How Do I Become a Food Writer?


Anonymous asks: How do I get into food writing? I’ve wanted to be a food journalist since graduating from college.

Dear Anonymous: It’s a very tough market for food writers, as you know, with some universities barfing out large volumes of grads with MAs and MFAs in “Food Writing” and “Food Studies,” academic disciplines they basically invented out of whole cloth, and often staff with professors of dubious meaningful credentials. Publications (e.g., the Huffington Post) have learned they can pay literally nothing for food writing. And nearly gone are the days when glossy mags like Gourmet routinely paid writers $3 per word.

Actually, a career in food writing was never as easy as it supposedly once was. And the challenges of pursuing such an occupation continue to be formidable.

Here’s how I did it, and it’s still a good way.

Get a day job that pays the rent. I worked as a secretary, a photo editor, and then as a financial analyst for years in an era when computer skills were less common. If you have the chops and inclination, waiting tables, Web design, and office work can be good choices, but for many careers in food writing (as a critic, especially), it’s probably better to stay away from restaurant work and public relations.

Start a blog on a subject that’s startling and not yet well-covered. The Evolution of the Pizza, Jogging for Foodies, Urban Fishing, Dish of the Day, One Neighborhood Per Week, Food and Sex, Root Vegetables Only, Fast Food Eaten Slowly, Cheapest Meal I Saw Today, Being James Beard, One Random Restaurant, Following Yelpers, and Where Eater’s Never Been are some examples. Start a Twitter, and start a Facebook page trumpeting your adventures.

Once the blog is up and running and excellent, use it as leverage to pitch stories — modest ones at first — to Web and paper publications.

Study every website, magazine, and newspaper that publishes food writing. Then study those that don’t. Find ways that ones that don’t can incorporate food writing into their editorial mix, and then tell them how. Offer a sample of what you could do for them on a regular basis, illustrated with great photos. Cast yourself as a totally self-contained journalistic unit, and invest $300 in a great camera.

Do the same thing for the publications that already use food writing. Tell them an area they’ve missed, and offer an excellent sample. (If Time Out doesn’t cover ethnic groceries in obscure areas, prove that they need to by producing scintillating pictures of food products almost nobody has ever heard of.) Create a need where none exists.

Second, worm you way into food publications that seem to use an army of food writers. Try Serious Eats. To come up with something no one there is doing yet will be a real challenge. This is for the purpose of résumé building, not income generation. When someone asks you, you can say, “I’ve been published 17 places, and here is a random collection of my clips.” Remember, everything you publish is important, and increase the volume as you move forward.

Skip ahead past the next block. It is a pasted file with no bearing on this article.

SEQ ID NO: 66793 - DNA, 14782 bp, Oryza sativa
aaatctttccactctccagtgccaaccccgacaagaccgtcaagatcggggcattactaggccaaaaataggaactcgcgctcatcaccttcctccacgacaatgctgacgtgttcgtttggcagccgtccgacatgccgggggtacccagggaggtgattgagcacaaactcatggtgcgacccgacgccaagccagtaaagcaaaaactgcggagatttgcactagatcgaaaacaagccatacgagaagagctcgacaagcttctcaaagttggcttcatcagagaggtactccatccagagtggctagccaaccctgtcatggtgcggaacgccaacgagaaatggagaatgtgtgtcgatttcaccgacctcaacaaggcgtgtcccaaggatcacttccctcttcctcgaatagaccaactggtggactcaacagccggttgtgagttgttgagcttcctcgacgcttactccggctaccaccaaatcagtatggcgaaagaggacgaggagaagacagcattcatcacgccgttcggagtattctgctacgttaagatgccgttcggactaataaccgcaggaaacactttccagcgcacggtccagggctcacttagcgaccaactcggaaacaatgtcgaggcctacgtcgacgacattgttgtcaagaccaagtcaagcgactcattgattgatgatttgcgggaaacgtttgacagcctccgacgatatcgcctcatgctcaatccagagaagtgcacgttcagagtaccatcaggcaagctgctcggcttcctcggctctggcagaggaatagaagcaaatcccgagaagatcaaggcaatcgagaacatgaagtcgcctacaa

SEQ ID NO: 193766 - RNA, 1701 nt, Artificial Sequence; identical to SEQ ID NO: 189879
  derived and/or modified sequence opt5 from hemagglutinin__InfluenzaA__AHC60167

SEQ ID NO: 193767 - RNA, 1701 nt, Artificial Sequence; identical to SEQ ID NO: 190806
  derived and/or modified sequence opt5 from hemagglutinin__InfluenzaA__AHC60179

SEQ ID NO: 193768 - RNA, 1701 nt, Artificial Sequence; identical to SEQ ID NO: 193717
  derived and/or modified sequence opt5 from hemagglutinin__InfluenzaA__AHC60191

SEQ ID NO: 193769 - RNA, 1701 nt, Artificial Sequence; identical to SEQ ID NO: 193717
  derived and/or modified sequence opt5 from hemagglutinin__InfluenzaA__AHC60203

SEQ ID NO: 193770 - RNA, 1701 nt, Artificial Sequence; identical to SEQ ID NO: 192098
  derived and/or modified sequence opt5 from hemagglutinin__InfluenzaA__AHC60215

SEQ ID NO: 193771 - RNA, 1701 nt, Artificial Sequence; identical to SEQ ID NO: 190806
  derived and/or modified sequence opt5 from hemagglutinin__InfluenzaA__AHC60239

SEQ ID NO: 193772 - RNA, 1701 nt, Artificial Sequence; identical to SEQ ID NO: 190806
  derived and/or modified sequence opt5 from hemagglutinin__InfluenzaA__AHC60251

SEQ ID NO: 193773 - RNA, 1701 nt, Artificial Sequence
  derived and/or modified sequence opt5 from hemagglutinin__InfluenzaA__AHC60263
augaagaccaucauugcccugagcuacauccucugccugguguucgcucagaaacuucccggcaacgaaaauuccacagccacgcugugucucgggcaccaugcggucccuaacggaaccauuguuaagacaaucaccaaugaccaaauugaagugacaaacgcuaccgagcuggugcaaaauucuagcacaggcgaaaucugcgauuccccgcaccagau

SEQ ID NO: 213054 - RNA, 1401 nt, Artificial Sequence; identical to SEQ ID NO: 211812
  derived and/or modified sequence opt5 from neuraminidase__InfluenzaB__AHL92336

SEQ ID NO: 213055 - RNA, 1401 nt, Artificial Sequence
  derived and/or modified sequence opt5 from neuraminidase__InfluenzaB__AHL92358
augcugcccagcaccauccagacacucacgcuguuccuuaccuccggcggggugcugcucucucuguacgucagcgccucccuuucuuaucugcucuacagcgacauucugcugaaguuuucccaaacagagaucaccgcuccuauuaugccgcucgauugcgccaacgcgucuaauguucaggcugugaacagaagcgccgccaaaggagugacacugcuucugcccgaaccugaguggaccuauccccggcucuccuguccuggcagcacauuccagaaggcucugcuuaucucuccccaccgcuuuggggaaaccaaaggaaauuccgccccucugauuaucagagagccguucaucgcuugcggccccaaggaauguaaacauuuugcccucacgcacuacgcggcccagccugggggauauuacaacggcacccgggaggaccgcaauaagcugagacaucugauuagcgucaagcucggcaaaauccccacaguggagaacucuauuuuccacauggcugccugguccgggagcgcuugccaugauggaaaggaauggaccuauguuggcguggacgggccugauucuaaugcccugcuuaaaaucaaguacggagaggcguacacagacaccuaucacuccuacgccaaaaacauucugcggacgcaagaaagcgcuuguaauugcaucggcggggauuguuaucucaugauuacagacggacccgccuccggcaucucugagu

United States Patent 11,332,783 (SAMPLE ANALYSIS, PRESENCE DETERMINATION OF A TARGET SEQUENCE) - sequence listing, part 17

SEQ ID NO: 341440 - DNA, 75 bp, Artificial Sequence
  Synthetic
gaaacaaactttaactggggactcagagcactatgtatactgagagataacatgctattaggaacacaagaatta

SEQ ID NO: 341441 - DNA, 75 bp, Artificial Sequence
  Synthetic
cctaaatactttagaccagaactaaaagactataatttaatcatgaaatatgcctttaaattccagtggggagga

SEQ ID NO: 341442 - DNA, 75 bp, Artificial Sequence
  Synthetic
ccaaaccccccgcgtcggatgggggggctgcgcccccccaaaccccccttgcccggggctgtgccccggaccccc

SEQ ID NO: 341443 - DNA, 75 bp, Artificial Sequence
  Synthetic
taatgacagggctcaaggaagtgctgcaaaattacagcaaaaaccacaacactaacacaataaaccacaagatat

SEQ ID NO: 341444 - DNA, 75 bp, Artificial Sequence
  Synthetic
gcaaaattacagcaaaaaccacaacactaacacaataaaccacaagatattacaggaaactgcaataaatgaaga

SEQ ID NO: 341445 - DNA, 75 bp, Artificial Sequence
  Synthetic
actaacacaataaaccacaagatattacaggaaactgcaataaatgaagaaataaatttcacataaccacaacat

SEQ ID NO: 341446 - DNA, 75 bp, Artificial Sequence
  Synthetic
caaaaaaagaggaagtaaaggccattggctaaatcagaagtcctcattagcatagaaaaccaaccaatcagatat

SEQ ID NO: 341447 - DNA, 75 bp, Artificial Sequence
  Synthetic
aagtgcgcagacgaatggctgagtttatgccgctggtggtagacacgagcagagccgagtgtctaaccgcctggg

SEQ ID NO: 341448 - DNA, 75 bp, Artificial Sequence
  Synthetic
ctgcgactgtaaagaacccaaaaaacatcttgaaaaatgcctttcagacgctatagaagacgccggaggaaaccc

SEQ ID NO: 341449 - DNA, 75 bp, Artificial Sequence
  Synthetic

Even if you’re publishing little, write your ass off on every food-related topic you can think of. If it helps, begin working on a book now. Once again, scan the aisles at Barnes & Noble, and find a topic that has been neglected. It’s important to learn to write volumes of material because when you do land a food-writing job, I can guarantee it will require lots and lots of writing (at least 1,500 words per day).

Your goal is to quit your day job, but don’t do so until your quantity of freelance work (or offer of a permanent job, which is more likely) justifies it. Eventually, you’ll find publications coming to you with offers of freelance work. Be a human dynamo.

There is nothing sadder than a food writer who decides to go freelance with no advance preparation and no source of income except for Mom and Dad. The income from home will dwarf the freelance income, and it won’t motivate you. Who wouldn’t sleep an extra couple of hours if cash flow is guaranteed? But then you’ll miss that retro food truck with great egg sandwiches that stops by the factory gate every morning at 6 a.m. in East Williamsburg.

Oh, and go to parties where food editors hang out, and get on publicity lists for press releases, but try not to go to preview meals at restaurants or on press junkets, because it poisons you for lots of different types of food writing that require you to be truthful.

Finally, good luck!